Mid-lockout, Max Scherzer raised alarms regarding the way his Dodgers tenure ended with a classic tactic: claiming he “hadn’t done” something that nobody suspected him of doing, thus introducing the “thing” as an entirely new concept.
Scherzer’s confession came in a Los Angeles Times story where he stated that, no, he hadn’t left the Dodgers due to an “overcooked” arm, nor had he ditched the team because of their supposedly wrongheaded decision to give the right-hander a “lighter workload” as the playoffs approached, leading to his inability to pitch NLCS Game 6.
The sum total of this story, of course, was thousands of Dodger fans saying, “Wait, Max says we did what?” in unison. From that point forth, Scherzer’s Dodger tenure became a source of retroactive drama, and his departure for Steve Cohen’s New York Mets suddenly made a lot more sense.
Beyond, of course, the dollar figures, which had already clarified the picture plenty.
Scherzer’s “I’m not blaming the Dodgers, I’m just pointing out a thing the Dodgers did and connecting the dots to my dead arm” strategy landed the bulldog on several Los Angeles-based sh*t lists this offseason, so it comes as no real surprise that he’s already been a source of drama in his new home, too.
On Wednesday night, Scherzer flagged the trainers and walked off the mound mid-start, prompting a blizzard of Mets Panic before it was revealed to be oblique soreness.
This is his second injury scare in as many months; a tight hamstring prevented Scherzer from making an Opening Day start. The Dodgers rotation isn’t exactly blemish-free, but combined with the offseason butting of heads, it’s beginning to look like Scherzer might not have been the wisest investment for the team’s current climate.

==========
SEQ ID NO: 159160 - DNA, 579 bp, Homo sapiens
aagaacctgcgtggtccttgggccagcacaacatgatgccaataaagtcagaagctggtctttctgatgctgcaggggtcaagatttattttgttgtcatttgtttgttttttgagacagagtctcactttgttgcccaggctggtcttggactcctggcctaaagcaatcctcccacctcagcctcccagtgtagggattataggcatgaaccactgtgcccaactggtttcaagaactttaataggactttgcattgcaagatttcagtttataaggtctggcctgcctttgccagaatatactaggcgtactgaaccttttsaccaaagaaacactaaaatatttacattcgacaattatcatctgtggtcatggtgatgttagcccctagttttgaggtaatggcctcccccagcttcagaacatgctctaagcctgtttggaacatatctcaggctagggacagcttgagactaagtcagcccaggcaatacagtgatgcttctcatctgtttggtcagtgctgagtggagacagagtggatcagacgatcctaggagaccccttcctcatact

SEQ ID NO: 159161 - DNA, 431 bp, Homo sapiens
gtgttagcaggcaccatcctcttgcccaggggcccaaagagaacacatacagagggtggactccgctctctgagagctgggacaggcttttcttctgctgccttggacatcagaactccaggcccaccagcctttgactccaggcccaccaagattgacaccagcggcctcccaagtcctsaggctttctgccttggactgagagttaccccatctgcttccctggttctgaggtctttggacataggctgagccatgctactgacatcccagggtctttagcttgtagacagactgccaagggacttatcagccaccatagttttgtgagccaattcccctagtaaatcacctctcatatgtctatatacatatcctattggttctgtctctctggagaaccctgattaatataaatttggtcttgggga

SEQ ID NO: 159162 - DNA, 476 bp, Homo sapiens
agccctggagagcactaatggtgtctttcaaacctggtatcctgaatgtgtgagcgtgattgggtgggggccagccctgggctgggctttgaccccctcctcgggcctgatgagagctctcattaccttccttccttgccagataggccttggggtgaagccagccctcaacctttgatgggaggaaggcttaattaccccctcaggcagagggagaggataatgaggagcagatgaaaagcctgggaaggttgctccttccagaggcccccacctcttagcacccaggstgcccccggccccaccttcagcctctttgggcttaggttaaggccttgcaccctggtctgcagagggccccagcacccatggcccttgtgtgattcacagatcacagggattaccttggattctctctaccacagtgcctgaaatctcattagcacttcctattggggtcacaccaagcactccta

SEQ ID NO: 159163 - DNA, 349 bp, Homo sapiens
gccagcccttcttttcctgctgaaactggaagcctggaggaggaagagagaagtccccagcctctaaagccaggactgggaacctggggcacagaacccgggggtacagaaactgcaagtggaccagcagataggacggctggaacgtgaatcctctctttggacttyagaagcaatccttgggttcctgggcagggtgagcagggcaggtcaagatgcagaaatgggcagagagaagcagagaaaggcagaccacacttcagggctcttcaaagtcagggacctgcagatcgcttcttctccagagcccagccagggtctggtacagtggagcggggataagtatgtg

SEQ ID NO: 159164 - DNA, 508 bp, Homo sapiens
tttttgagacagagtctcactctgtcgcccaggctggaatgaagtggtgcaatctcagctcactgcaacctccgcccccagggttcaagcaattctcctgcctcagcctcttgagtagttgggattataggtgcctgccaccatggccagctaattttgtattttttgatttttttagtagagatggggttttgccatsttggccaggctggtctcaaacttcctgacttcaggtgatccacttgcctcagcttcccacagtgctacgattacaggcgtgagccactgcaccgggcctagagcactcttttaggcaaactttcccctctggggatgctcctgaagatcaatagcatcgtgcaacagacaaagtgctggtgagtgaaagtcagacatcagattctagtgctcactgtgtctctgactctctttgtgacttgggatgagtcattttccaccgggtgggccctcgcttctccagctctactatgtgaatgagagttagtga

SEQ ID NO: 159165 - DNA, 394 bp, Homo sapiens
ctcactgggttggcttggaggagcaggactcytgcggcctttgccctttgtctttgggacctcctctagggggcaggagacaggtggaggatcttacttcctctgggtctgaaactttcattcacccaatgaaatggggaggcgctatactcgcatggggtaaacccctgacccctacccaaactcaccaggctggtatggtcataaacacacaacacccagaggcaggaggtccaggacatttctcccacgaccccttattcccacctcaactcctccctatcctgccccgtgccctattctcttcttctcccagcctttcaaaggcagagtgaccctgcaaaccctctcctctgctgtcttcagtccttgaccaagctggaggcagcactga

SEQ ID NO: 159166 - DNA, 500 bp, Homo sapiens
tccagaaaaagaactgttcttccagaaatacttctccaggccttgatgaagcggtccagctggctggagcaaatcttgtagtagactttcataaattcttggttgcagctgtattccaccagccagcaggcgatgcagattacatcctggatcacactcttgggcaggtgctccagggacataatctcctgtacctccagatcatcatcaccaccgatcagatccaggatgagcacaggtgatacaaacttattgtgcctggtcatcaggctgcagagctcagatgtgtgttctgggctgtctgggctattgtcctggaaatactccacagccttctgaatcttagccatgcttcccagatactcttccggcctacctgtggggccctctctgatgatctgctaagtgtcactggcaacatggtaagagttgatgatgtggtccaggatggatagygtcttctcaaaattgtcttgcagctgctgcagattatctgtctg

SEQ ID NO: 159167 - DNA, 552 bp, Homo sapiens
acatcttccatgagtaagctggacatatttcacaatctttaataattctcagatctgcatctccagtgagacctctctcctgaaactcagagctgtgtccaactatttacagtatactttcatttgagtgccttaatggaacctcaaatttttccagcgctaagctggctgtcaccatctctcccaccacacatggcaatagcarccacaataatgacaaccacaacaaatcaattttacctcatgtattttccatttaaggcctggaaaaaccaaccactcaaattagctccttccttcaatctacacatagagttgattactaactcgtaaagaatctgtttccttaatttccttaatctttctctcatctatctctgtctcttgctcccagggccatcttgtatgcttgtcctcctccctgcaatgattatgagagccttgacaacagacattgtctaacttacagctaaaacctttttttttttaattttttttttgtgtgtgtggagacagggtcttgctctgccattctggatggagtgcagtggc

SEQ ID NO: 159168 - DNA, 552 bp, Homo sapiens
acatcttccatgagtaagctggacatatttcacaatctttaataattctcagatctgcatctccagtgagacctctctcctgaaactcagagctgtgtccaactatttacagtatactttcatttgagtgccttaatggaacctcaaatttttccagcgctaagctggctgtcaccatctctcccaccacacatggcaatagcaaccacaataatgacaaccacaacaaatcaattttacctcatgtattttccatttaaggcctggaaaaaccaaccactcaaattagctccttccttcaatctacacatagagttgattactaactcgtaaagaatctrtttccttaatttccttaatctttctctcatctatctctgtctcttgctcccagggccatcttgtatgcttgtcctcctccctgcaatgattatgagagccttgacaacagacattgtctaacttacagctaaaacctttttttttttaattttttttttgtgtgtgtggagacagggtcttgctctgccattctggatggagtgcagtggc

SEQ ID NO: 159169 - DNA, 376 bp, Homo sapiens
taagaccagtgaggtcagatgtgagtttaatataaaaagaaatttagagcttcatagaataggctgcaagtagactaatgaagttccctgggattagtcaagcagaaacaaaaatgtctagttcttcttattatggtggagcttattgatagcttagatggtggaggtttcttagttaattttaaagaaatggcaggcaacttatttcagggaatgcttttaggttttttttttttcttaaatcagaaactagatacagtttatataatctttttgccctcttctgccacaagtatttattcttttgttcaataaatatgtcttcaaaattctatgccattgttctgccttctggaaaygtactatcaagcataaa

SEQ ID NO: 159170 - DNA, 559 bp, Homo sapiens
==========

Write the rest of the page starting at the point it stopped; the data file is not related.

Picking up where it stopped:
Dodgers made right decision letting Max Scherzer’s drama walk to Mets
Scherzer should make a full recovery, but the injury he shrugged off will reportedly keep him out for 6-to-8 weeks — at a minimum.
After an offseason of dead arm worries and two false starts in a month and a half, the Dodgers — in need of stability — should be thankful they don’t have to be crossing fingers every time Mad Max takes the mound.
Then, of course, there’s the other controversy he found himself in the middle of lately.
So hard-headed he can’t be spoken to once he begins his warmups, yet strangely talkative after the fact, Scherzer also drew ire this week for taking the mound early and blocking Ambassador and Consul General of Japan Mikio Mori from throwing the first pitch at Citi Field.
It was Japanese Heritage Night. It was also Max Scherzer Gruntfest 2k22.
No one is arguing Scherzer snubbed the ambassador purposefully as part of some sweeping statement, but the teeth-gritting ace making himself the unimpeachable center of the show, then blaming everyone else when his arm turned up dead got old very quickly in Hollywood.
Yeah. He’s felt like a Natural Met for months now.